Last week, we explored what it will take to end educational redlining and checked in on new developments in educational innovation. This week, we look at reporting from the New York Times on whether the federal ARP/ESSER money is actually reaching kids and offer you five minutes of pure inspiration from Hawaii of advocacy in action for the start of your week. Also below: with the wrap of their legislative session, a historic year for ConnCAN.
Demand emergency federal funds are spent on immediate student needs
One of the five promises we’ve made to American families is that they have a right to know –line by line and dollar by dollar–how money is being spent on their children. That should include the $190 billion of federal pandemic aid to schools but for far too long families have been kept in the dark.
It’s for this reason that ConnCAN, DelawareCAN, GeorigaCAN, JerseyCAN, TennesseeCAN and TEN Colorado have passed legislation on financial transparency of these federal funds and why GeorgiaCAN Outreach Director Steven Quinn created a dashboard on how local districts were using these funds.
It’s also why we’ve applauded the work of groups like FutureEd and CRPE, for the important role they’ve played in helping elected officials, advocates and the public understand how funding is being spent.
This emergency funding was sold as a response to closed schools and declining academic results. Yet we have been concerned from the beginning they wouldn’t actually be spent on initiatives that would address these challenges like increased instructional time, high-dosage tutoring and free summer camps.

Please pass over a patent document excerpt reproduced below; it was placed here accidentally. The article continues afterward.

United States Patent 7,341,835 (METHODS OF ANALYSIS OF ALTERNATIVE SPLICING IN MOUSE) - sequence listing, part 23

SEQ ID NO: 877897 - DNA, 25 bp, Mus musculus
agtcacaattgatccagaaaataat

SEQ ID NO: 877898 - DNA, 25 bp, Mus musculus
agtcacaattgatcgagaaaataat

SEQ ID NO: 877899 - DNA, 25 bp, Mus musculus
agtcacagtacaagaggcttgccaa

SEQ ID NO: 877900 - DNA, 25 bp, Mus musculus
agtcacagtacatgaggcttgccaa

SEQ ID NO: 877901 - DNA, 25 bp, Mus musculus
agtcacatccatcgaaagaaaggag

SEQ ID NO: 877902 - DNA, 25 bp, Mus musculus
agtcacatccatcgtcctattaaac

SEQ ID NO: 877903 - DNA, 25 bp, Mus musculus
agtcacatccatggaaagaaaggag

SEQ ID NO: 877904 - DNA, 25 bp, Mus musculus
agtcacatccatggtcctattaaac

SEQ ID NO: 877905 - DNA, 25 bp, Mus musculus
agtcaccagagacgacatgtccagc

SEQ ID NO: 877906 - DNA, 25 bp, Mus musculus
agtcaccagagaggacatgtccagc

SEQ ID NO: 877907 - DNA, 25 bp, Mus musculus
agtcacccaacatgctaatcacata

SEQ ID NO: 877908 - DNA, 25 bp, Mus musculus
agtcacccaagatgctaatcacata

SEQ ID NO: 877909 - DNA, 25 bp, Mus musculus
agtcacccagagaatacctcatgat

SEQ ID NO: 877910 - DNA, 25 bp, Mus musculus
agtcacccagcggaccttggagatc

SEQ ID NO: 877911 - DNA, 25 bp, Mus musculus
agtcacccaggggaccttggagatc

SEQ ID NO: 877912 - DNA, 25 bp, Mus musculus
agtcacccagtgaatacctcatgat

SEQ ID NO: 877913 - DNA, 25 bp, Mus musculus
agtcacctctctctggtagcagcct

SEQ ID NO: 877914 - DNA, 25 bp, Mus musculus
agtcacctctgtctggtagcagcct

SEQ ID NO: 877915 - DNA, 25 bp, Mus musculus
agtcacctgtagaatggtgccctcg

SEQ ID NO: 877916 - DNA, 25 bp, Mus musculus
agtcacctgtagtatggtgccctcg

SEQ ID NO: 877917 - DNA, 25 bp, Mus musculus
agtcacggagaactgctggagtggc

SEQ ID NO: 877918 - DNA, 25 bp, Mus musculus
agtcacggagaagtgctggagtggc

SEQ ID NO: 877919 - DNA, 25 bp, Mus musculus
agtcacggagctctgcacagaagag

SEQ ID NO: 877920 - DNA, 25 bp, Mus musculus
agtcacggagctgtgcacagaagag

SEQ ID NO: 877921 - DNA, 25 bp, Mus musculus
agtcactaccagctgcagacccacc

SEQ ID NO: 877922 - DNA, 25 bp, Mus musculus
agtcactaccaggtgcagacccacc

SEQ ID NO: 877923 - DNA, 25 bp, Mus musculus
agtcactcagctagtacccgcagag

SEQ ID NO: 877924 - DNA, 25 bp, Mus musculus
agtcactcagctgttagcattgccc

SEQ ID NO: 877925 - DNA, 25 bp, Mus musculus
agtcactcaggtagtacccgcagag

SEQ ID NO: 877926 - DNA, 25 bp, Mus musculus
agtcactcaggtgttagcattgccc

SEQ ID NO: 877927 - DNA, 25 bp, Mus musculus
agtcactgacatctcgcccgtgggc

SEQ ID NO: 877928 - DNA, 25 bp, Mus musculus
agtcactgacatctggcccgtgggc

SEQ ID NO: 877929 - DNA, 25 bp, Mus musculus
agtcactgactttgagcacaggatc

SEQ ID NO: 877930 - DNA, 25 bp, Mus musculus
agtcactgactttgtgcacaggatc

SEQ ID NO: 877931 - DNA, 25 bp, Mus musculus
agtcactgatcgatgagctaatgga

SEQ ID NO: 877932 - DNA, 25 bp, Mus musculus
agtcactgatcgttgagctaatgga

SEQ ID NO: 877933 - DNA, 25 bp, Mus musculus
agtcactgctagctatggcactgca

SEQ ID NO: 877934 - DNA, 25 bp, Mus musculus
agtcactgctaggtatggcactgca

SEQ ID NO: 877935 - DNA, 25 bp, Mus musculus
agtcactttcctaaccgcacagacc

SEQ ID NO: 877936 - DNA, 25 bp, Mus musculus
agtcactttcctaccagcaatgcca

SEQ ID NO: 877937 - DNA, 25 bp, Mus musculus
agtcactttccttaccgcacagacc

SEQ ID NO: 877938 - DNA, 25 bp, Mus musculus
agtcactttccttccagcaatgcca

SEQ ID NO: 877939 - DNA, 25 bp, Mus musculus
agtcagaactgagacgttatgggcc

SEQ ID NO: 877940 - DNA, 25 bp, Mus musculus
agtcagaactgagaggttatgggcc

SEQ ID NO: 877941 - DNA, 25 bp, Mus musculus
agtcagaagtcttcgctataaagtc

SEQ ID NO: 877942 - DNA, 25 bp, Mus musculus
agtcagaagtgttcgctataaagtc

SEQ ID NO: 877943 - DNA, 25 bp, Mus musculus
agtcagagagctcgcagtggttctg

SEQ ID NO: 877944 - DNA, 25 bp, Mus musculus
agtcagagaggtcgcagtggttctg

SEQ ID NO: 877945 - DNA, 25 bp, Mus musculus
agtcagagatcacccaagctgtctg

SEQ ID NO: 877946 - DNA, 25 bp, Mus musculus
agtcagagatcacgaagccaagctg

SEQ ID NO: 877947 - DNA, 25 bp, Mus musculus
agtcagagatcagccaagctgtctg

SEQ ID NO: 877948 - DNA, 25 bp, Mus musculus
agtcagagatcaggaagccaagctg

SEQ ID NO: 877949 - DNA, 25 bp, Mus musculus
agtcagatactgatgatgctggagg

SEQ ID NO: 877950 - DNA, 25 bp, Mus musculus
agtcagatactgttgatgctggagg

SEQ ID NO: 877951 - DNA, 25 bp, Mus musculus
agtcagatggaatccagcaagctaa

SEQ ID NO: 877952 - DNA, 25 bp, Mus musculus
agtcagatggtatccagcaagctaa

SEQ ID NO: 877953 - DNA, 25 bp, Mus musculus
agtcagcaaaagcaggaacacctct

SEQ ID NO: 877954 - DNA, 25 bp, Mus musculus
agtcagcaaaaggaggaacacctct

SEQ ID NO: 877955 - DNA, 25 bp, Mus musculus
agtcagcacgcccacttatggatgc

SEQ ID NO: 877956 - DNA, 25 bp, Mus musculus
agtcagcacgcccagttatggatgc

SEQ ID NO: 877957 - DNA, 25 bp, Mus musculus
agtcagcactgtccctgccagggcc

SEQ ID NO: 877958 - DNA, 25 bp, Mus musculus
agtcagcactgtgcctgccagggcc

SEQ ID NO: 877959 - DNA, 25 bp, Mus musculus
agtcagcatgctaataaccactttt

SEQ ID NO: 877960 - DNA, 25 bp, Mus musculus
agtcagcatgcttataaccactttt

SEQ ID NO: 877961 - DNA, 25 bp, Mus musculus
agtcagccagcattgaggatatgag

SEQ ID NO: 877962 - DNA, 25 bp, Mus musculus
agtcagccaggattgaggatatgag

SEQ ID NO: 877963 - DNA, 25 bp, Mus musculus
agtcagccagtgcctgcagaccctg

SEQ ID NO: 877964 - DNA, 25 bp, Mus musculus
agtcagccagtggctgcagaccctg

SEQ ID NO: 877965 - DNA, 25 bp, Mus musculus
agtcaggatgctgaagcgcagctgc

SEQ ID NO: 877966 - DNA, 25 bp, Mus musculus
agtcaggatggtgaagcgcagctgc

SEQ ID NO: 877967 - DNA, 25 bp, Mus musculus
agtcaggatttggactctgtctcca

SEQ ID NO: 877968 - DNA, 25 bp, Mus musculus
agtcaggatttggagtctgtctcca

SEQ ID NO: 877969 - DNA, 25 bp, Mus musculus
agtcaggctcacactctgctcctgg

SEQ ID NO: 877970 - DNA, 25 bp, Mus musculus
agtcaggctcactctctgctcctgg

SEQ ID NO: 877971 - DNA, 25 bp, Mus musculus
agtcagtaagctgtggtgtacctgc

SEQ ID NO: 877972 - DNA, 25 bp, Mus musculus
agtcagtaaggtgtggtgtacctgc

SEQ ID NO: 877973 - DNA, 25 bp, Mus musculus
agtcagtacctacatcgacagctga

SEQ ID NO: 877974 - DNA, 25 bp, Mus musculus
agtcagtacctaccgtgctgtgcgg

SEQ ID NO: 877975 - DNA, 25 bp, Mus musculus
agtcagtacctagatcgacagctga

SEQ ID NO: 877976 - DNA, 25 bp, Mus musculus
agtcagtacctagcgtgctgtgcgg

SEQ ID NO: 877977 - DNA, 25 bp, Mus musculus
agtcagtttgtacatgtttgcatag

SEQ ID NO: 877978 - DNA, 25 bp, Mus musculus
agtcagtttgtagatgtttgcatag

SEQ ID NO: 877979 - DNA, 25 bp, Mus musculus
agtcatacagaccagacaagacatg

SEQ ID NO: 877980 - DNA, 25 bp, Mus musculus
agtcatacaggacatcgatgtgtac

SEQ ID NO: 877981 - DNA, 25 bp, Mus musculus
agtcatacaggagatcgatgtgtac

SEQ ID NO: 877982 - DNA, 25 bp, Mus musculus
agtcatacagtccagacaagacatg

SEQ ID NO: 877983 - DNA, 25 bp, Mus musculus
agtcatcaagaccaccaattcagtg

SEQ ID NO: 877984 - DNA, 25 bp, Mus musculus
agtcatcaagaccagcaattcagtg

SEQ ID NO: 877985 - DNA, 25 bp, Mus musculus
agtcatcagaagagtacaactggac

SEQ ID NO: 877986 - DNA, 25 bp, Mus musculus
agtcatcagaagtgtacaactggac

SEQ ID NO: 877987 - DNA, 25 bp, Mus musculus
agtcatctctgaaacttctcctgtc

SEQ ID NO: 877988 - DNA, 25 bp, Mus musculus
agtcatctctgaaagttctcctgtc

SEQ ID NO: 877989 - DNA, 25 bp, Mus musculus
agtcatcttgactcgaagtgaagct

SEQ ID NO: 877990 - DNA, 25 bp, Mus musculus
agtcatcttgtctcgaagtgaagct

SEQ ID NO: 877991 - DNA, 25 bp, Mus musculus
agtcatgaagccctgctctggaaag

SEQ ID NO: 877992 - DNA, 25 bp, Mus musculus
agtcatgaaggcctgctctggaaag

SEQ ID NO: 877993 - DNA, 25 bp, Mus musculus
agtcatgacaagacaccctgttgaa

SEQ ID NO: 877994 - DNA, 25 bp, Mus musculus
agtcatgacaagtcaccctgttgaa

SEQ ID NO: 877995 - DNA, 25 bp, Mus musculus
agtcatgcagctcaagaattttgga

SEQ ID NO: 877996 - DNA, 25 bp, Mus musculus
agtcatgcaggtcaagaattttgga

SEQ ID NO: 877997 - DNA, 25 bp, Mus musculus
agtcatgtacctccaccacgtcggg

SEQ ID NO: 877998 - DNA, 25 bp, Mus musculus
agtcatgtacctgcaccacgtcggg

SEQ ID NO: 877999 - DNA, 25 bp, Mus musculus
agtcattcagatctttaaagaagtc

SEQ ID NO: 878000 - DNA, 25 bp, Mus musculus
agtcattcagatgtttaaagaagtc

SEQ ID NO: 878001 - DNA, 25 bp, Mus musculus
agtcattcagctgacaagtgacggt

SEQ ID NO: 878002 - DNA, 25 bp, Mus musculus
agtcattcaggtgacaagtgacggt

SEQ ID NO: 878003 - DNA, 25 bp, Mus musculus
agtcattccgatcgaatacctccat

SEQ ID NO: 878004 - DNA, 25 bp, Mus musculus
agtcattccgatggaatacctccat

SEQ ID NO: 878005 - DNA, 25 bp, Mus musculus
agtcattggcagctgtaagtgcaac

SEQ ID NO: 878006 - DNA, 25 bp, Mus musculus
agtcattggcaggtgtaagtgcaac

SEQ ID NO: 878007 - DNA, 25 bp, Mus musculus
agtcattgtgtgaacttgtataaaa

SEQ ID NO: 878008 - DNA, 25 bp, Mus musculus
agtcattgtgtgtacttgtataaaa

Reporting from The New York Times last week confirmed our concerns: “While most schools have since deployed various forms of interventions and some have spent more on academic recovery than others, there are ample signs that the money has not been spent in a way that has substantially helped all of the nation’s students lagging behind.”
The Times shares the story of a district in Oregon: “Klamath County school district plans to use about 30 percent of its $16.1 million federal share on academic recovery programs and 70 percent on facilities projects. Those include buying new turf fields, replacing HVAC systems, upgrading flooring, renovating bleachers in baseball fields, constructing a gym and surfacing an elementary school parking lot.”
These stories of district spending are at odds with the language coming out of Washington, with Secretary of Education Miguel Cardona responding in October of last year to the cratering NAEP results by saying, “President Biden and congressional Democrats passed the ARP, which invested $130 billion so schools could reopen and stay open safely, as well as address the longer-term impacts of the pandemic, including learning loss.”
Unfortunately, as the Times’ piece notes, this was a problem of their own creation and that is an important lesson for the future. “Education experts who have closely monitored the relief money said the federal guidelines should have been more focused on addressing learning loss, and were skeptical that many districts’ recovery plans were robust enough.”
- The task this week is to demand that any remaining ARP funding–which must be spent by fall of 2024–be spent on immediate student needs rather than long-term facility projects.
Get inspired by the momentum in Hawaii